How we ended up co-sleeping;
Co-sleeping wasn't part of our "perfect parents" plan. It wasn't something we knew much about or ever planned on doing. Everyone kept telling us that it is wrong so we never thought to educate ourselves about it.
When our daughter was born, we quickly realized that we need to keep an open mind and adapt our parenting plan to what works for our family.
This is the story of how we came to co-sleep and also what I have learned about it since;
The first 6 days of my little girl's life, I didn't sleep. Not one minute. I don't know how long the human body can go without sleep but my body felt like I was testing the limit.
It's not that I didn't want to sleep, I was tired, so so tired, but I couldn't. My mind wouldn't let me.
She was no longer safe and sound in my tummy, she was exposed and vulnerable out in the world. I had to protect her and care for her. I didn't trust anyone else.
The only times I started to dose off were when she was on my chest. Where I could feel the weight of her tiny body, feel her breathing (something I felt compelled to check every 3 minutes), safe, close to me.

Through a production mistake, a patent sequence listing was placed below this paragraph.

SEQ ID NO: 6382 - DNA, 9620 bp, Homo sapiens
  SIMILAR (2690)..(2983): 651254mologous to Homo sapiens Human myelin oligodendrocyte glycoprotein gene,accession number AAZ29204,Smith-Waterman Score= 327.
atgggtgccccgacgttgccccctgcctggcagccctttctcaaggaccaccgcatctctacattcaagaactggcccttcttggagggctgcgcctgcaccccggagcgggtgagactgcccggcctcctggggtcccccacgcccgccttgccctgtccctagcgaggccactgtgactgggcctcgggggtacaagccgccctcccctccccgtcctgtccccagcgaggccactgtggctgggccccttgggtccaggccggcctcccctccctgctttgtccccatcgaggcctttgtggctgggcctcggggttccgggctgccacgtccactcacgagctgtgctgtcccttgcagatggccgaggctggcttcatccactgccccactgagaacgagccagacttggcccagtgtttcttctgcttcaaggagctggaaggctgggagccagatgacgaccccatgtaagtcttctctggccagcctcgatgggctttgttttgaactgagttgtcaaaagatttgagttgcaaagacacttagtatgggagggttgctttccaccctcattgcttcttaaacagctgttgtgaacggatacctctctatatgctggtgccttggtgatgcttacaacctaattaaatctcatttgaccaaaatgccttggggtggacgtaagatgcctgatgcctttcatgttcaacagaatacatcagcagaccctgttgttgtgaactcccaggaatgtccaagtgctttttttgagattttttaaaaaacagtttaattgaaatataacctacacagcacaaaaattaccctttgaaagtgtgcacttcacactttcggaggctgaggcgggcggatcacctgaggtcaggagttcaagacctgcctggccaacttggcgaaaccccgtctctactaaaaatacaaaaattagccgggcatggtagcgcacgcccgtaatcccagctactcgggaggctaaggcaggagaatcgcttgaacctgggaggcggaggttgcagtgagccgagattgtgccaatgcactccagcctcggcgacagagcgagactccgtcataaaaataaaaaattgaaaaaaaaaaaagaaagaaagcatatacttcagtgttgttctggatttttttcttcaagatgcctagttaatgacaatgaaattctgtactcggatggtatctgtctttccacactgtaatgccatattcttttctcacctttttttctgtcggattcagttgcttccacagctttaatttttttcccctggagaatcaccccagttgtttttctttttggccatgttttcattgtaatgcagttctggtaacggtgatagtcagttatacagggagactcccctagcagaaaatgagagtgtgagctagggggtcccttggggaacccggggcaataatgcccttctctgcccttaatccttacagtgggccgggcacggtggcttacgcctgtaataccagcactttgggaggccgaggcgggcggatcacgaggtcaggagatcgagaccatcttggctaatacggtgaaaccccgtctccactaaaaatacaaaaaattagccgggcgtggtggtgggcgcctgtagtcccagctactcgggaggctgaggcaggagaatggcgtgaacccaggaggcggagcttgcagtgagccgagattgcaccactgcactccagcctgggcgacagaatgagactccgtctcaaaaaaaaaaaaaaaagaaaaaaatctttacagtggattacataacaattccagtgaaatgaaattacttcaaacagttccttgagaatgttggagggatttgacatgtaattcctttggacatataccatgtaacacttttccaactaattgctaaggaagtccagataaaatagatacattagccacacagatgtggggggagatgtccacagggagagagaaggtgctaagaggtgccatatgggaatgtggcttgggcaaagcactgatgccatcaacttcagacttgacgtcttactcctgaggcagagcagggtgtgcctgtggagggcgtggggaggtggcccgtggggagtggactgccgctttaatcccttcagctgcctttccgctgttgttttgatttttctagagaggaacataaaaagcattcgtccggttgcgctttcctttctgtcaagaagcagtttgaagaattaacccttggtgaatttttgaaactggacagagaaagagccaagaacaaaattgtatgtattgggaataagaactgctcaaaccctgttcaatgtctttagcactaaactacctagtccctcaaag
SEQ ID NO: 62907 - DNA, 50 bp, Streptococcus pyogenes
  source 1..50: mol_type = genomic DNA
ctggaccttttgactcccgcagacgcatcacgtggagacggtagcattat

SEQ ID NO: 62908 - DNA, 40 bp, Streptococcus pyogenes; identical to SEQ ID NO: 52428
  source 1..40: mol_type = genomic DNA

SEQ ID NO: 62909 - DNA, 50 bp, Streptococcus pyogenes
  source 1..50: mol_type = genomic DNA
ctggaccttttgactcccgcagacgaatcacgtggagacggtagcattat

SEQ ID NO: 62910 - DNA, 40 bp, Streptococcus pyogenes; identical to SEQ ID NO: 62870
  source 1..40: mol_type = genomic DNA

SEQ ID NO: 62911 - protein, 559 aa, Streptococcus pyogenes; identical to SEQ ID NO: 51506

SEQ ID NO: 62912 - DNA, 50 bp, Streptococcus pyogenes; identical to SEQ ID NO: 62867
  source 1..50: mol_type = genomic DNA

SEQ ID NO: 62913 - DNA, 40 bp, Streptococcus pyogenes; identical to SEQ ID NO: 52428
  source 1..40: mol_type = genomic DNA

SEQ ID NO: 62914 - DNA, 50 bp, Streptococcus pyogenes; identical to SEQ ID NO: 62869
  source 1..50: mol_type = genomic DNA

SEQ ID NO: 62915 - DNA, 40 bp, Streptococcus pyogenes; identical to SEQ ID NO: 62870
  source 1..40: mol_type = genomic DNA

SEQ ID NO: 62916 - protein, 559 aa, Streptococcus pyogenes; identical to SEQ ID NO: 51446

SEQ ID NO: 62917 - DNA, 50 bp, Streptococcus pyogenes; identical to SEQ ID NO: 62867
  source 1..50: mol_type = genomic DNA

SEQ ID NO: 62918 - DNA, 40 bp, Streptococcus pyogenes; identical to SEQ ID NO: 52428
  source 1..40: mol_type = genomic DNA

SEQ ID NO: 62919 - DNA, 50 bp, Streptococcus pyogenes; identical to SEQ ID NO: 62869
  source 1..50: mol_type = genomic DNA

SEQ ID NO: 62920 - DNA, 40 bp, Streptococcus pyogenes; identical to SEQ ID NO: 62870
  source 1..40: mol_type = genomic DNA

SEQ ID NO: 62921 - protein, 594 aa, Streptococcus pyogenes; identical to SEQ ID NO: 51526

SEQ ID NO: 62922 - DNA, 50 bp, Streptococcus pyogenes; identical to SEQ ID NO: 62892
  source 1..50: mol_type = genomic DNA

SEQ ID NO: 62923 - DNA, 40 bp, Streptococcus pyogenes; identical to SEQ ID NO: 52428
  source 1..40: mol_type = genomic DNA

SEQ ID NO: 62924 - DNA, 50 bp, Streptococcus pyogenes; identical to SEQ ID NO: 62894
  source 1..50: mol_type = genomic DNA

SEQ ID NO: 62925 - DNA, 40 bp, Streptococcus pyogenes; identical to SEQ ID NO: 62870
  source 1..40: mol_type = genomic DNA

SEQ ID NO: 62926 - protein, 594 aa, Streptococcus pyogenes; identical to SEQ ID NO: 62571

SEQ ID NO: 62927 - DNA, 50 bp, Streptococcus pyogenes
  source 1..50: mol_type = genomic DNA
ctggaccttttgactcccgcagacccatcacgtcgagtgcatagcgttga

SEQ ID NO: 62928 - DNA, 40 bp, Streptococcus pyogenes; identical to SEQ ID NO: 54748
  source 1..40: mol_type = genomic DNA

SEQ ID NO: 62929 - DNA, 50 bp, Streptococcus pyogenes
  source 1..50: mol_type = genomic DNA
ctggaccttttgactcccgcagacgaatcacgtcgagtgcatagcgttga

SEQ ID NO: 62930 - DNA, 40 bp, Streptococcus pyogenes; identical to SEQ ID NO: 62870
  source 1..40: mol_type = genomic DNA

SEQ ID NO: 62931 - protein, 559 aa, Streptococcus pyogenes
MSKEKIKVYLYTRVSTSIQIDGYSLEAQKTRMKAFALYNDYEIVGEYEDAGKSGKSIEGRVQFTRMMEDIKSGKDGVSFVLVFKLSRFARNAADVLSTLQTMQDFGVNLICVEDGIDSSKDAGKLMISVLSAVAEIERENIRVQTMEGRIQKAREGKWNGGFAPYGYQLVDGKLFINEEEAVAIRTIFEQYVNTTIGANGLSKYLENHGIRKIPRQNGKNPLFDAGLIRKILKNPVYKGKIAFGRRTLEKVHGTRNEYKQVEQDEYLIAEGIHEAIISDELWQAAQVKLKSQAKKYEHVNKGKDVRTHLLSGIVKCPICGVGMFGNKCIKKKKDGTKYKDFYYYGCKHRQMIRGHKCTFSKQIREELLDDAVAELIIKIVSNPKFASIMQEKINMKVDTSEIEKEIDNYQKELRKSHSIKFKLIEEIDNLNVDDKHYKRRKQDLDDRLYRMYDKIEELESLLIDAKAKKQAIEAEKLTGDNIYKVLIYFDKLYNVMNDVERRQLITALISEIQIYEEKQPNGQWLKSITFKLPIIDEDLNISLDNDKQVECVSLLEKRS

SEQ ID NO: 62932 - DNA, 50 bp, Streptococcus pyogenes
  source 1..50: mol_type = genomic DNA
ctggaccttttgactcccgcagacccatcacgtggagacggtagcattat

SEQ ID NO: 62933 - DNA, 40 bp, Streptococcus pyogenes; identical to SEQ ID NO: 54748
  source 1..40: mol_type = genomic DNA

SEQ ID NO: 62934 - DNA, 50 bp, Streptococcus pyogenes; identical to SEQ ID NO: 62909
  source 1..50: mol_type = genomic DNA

It felt like it was where she belonged. But everyone kept telling me it's not safe. It's not appropriate. It's not allowed.
She needs to be swaddled and put down in her own cot, in her own room. She needs to learn to be independent.
The first 3 nights in hospital, my husband and I took turns sitting up, watching her sleep. We'd place her in the little cot they provided but would have to pick her up every 15 minutes when she started to cry. It was a cry that no amount of patting on the bottom would lull.
When we got home, we continued to try to teach her what's appropriate and have her sleep in her cot.
It just didn't work.
We were so tired, we got the little in-bed co-sleeper out and placed her between us in bed. It went a little better but still not ideal.
The next night, I watched as she slept next to me in the little co-sleeper but the urge to touch her grew stronger each minute. Like a naughty child, asking for something she knows she's not allowed to do, I asked my husband if I can place her next to me, out of the confounds of the co-sleeper pod. He agreed.
It felt good but still didn't completely work. She kept waking. So I placed her on top of me, propped pillows either side of me and slept.
It was the most amazing sleep that I have ever had. It felt wonderful having her close to me, feeling her breathe. It also made breastfeeding much more convenient.